NIKÍTA. Well, I reckon it's not possible to go against one's parent. But it's not by my wish.

ANÍSYA. Don't you budge, that's all about it!

NIKÍTA. There was a fellow wouldn't budge, and the village elder gave him such a hiding.… That's what it might come to! I've no great wish for that sort of thing. They say it touches one up.…

ANÍSYA. Shut up with your nonsense. Nikíta, listen to me: if you marry that Marína I don't know what I won't do to myself.… I shall lay hands on myself! I have sinned, I have gone against the law, but I can't go back now. If you go away I'll …

NIKÍTA. Why should I go? Had I wanted to go—I should have gone long ago. There was Iván Semyónitch t'other day—offered me a place as his coachman.… Only fancy what a life that would have been! But I did not go. Because, I reckon, I am good enough for any one. Now if you did not love me it would be a different matter.

ANÍSYA. Yes, and that's what you should remember. My old man will die one of these fine days, I'm thinking; then we could cover our sin, make it all right and lawful, and then you'll be master here.

NIKÍTA. Where's the good of making plans? What do I care? I work as hard as if I were doing it for myself. My master loves me, and his missus loves me. And if the wenches run after me, it's not my fault, that's flat.

ANÍSYA. And you'll love me?

NIKÍTA [embracing her] There, as you have ever been in my heart …

MATRYÓNA [enters, and crosses herself a long time before the icón. Nikíta and Anísya step apart] What I saw I didn't perceive, what I heard I didn't hearken to. Playing with the lass, eh? Well,—even a calf will play. Why shouldn't one have some fun when one's young? But your master is out in the yard a-calling you, sonnie.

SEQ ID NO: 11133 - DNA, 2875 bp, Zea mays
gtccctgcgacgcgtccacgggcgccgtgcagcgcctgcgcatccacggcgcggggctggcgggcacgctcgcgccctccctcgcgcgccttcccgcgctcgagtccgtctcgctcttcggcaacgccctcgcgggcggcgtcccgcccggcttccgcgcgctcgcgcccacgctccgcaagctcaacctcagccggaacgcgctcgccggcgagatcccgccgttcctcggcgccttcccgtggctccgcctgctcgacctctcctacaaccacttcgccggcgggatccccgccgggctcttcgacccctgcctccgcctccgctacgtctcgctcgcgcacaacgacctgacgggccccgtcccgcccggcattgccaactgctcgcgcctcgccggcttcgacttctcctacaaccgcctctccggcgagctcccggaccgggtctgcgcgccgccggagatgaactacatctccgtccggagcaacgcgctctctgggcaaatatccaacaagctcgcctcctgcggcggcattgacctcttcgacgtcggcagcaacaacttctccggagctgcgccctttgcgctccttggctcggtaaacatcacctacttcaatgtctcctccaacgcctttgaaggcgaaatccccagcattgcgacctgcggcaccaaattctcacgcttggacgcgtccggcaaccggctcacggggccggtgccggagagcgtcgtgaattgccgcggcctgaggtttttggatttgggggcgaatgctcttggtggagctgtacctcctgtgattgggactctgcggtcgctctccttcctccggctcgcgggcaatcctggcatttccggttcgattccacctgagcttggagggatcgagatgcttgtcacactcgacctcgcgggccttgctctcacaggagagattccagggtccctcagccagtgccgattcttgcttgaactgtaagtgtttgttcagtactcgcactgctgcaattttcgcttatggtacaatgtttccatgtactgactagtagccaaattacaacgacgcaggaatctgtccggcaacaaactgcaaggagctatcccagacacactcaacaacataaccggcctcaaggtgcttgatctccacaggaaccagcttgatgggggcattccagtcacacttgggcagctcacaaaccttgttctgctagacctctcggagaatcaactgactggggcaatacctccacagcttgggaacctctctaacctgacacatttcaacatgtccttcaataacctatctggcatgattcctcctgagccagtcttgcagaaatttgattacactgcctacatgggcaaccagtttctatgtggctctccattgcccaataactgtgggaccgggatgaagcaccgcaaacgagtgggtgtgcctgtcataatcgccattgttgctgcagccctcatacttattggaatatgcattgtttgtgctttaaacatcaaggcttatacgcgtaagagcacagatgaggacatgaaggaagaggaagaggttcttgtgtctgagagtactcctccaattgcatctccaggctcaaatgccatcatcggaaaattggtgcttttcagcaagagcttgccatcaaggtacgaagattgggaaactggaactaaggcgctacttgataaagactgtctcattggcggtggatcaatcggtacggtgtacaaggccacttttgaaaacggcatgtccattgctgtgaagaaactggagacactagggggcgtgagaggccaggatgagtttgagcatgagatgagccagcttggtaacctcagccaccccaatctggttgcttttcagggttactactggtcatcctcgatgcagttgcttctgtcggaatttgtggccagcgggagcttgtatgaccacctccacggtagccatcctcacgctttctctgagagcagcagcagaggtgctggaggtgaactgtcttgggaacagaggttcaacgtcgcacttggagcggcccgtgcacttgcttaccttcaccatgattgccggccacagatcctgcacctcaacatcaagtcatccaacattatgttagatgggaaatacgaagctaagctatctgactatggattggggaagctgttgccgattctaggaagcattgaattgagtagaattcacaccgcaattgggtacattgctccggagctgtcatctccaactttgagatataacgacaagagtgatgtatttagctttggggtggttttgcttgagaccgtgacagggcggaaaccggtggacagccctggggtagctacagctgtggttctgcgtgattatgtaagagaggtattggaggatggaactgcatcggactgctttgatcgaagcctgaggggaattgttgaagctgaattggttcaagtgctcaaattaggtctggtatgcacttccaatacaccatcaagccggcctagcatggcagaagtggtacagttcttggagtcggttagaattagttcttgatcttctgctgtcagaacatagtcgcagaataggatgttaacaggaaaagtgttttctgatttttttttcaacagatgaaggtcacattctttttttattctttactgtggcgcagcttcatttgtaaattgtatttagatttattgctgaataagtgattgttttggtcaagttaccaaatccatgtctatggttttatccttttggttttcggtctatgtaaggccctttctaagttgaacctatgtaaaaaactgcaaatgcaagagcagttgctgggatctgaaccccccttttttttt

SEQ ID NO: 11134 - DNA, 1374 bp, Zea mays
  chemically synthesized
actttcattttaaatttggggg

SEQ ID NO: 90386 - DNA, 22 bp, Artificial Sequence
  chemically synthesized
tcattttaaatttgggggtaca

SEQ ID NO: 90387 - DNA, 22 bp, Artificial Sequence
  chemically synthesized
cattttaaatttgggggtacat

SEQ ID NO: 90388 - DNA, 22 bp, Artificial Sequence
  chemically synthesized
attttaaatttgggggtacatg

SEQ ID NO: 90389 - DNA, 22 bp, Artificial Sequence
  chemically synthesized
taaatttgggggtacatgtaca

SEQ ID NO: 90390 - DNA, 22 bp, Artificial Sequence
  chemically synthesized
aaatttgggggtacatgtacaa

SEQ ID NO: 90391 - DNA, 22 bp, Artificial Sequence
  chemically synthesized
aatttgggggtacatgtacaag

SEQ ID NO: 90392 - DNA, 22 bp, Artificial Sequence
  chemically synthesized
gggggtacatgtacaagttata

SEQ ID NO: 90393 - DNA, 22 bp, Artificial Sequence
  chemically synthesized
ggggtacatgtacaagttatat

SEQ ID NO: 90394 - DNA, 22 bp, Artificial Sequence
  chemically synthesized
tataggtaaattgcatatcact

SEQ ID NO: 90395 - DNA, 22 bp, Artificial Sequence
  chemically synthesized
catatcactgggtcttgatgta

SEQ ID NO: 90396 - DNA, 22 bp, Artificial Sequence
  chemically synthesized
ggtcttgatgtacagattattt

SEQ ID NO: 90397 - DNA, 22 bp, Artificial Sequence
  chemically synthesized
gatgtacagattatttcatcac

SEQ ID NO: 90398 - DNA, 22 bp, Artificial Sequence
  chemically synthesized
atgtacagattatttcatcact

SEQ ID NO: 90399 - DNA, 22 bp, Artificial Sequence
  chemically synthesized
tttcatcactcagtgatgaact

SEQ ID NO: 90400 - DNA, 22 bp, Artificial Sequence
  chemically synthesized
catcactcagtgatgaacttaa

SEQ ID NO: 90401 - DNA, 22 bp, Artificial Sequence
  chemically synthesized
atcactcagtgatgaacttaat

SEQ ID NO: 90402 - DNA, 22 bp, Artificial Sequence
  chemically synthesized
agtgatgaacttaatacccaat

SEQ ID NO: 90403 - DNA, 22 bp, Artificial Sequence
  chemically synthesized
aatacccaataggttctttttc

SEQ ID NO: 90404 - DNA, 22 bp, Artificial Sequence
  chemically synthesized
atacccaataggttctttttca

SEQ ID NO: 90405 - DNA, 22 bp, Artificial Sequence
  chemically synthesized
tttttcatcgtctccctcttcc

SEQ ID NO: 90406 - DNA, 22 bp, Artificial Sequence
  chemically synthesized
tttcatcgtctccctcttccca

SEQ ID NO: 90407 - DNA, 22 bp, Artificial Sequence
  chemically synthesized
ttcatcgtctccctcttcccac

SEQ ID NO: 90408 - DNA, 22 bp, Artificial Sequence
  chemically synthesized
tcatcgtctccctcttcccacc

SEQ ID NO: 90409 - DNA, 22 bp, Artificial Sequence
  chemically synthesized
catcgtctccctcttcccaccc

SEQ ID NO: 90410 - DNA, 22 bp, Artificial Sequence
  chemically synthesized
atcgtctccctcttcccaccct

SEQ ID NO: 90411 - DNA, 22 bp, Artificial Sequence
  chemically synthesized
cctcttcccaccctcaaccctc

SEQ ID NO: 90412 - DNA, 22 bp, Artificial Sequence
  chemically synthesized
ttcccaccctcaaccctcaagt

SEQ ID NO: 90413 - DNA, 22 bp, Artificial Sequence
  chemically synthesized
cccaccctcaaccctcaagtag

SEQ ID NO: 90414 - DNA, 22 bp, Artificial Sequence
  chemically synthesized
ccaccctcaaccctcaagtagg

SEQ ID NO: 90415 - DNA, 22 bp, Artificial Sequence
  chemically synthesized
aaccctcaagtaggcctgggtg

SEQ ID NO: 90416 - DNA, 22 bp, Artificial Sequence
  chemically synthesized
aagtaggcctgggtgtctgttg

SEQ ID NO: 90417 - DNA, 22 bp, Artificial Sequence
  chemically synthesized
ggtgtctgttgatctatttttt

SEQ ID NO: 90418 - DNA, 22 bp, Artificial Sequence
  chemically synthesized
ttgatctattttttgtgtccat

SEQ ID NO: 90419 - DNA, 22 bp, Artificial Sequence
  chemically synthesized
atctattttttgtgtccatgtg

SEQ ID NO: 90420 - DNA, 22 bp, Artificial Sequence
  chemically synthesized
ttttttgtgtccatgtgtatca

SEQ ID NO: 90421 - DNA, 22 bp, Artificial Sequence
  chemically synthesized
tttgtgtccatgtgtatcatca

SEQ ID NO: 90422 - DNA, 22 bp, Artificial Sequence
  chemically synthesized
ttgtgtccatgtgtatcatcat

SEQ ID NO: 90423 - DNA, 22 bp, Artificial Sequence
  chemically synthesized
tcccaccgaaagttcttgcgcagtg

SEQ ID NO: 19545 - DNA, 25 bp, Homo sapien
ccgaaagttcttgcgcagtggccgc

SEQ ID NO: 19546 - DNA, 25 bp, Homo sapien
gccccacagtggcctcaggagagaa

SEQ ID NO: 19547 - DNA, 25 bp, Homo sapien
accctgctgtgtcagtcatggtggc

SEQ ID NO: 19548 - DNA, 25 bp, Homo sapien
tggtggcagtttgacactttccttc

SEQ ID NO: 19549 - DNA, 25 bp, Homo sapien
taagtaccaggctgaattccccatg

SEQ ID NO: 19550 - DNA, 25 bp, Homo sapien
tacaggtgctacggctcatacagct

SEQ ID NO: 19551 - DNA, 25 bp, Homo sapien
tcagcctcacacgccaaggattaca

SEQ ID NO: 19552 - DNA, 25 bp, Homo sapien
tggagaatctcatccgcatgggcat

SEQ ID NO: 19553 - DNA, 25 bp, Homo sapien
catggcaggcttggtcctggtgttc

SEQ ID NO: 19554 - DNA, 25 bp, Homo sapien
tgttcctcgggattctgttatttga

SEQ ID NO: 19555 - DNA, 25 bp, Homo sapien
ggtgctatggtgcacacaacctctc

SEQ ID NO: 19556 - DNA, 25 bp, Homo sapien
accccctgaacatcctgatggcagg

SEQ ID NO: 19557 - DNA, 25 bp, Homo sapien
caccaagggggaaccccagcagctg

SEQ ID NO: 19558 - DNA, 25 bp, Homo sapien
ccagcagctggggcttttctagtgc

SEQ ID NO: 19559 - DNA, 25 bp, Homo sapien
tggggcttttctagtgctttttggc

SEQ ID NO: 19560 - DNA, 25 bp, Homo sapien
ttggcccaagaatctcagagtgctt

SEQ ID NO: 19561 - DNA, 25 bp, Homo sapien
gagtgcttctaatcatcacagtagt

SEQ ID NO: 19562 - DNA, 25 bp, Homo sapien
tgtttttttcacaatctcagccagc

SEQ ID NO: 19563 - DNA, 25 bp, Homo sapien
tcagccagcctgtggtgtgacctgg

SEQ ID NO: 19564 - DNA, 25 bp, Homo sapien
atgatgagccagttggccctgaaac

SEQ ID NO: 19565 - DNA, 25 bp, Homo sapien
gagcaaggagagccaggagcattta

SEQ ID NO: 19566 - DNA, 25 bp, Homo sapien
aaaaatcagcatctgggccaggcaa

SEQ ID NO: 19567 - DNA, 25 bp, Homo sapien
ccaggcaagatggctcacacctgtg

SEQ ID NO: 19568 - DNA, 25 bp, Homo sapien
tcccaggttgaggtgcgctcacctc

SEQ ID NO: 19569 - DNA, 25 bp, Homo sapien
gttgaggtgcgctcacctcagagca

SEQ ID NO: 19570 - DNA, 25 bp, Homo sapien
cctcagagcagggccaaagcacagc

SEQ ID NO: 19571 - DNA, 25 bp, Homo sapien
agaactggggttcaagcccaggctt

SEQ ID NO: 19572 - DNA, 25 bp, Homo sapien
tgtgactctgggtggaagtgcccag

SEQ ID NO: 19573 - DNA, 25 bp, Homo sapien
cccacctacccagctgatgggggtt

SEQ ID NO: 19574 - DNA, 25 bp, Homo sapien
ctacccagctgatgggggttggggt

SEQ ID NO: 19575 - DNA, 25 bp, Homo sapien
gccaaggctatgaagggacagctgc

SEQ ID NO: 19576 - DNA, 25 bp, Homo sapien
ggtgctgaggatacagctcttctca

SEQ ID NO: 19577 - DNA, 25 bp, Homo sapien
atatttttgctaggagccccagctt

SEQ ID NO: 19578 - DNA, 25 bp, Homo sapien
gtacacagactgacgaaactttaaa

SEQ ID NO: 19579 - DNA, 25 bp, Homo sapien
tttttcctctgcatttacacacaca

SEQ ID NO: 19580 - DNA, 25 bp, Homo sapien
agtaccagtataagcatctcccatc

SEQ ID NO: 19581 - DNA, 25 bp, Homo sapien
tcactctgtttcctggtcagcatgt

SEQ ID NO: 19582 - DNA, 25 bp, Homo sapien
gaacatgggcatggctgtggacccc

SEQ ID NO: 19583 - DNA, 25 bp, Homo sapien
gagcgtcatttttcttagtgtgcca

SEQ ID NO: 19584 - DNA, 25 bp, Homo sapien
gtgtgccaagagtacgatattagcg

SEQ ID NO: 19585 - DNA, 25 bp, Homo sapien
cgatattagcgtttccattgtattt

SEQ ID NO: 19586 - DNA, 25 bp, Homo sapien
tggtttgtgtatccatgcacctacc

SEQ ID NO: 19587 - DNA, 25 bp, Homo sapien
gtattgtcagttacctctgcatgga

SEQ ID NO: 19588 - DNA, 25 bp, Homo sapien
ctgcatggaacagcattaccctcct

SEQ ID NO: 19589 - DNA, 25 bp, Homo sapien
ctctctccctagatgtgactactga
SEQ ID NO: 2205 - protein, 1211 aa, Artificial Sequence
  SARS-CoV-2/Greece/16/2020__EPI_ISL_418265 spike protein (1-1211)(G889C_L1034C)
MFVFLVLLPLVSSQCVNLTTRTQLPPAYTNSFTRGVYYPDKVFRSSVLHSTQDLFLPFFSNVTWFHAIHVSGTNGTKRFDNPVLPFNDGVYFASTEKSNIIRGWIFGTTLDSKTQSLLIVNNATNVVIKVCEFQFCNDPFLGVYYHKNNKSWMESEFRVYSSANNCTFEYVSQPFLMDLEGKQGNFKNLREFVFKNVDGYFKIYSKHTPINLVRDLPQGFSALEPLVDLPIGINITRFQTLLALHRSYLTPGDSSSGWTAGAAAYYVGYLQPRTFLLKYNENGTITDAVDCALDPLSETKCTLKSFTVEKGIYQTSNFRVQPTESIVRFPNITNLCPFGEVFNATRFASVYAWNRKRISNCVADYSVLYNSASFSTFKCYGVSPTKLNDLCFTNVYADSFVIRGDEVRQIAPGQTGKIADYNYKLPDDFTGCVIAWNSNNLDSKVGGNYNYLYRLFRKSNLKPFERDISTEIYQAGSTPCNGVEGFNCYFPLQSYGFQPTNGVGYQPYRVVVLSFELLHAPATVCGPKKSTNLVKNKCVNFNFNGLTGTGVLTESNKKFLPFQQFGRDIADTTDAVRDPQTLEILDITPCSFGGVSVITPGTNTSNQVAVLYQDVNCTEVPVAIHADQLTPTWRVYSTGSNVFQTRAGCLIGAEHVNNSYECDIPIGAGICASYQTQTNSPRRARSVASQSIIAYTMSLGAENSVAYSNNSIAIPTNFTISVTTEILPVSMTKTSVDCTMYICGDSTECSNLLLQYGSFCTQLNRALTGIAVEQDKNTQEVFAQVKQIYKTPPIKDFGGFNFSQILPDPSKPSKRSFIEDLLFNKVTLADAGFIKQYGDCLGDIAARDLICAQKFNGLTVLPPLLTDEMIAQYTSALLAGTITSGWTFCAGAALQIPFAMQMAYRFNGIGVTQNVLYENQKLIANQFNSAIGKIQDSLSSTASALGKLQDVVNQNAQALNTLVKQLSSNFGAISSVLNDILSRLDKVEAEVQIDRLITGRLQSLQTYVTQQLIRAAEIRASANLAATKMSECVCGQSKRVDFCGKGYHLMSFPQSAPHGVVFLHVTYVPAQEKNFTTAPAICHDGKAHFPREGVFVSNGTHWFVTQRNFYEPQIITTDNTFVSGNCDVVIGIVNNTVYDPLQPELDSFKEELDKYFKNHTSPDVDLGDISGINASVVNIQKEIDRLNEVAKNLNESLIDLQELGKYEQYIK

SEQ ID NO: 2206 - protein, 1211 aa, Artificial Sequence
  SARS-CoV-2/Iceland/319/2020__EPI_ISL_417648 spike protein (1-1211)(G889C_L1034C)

NIKÍTA. I only came to get the ax.

MATRYÓNA. I know, sonnie, I know; them sort of axes are mostly to be found where the women are.

NIKÍTA [stooping to pick up ax] I say, mother, is it true you want me to marry? As I reckon, that's quite unnecessary. Besides, I've got no wish that way.

MATRYÓNA. Eh, honey! why should you marry? Go on as you are. It's all the old man. You'd better go, sonnie, we can talk these matters over without you.

NIKÍTA. It's a queer go! One moment I'm to be married, the next, not. I can't make head or tail of it. [Exit].

ANÍSYA. What's it all about then? Do you really wish him to get married?

MATRYÓNA. Eh, why should he marry, my jewel? It's all nonsense, all my old man's drivel. “Marry, marry.” But he's reckoning without his host. You know the saying, “From oats and hay, why should horses stray?” When you've enough and to spare, why look elsewhere? And so in this case. [Winks] Don't I see which way the wind blows?

ANÍSYA. Where's the good of my pretending to you, Mother Matryóna? You know all about it. I have sinned. I love your son.

MATRYÓNA. Dear me, here's news! D'you think Mother Matryóna didn't know? Eh, lassie,—Mother Matryóna's been ground, and ground again, ground fine! This much I can tell you, my jewel: Mother Matryóna can see through a brick wall three feet thick. I know it all, my jewel! I know what young wives need sleeping drafts for, so I've brought some along. [Unties a knot in her handkerchief and brings out paper-packets] As much as is wanted, I see, and what's not wanted I neither see nor perceive! There! Mother Matryóna has also been young. I had to know a thing or two to live with my old fool. I know seventy-and-seven dodges. But I see your old man's quite seedy, quite seedy! How's one to live with such as him? Why, if you pricked him with a hay-fork it wouldn't fetch blood. See if you don't bury him before the spring. Then you'll need some one in the house. Well, what's wrong with my son? He'll do as well as another. Then where's the advantage of my taking him away from a good place? Am I my child's enemy?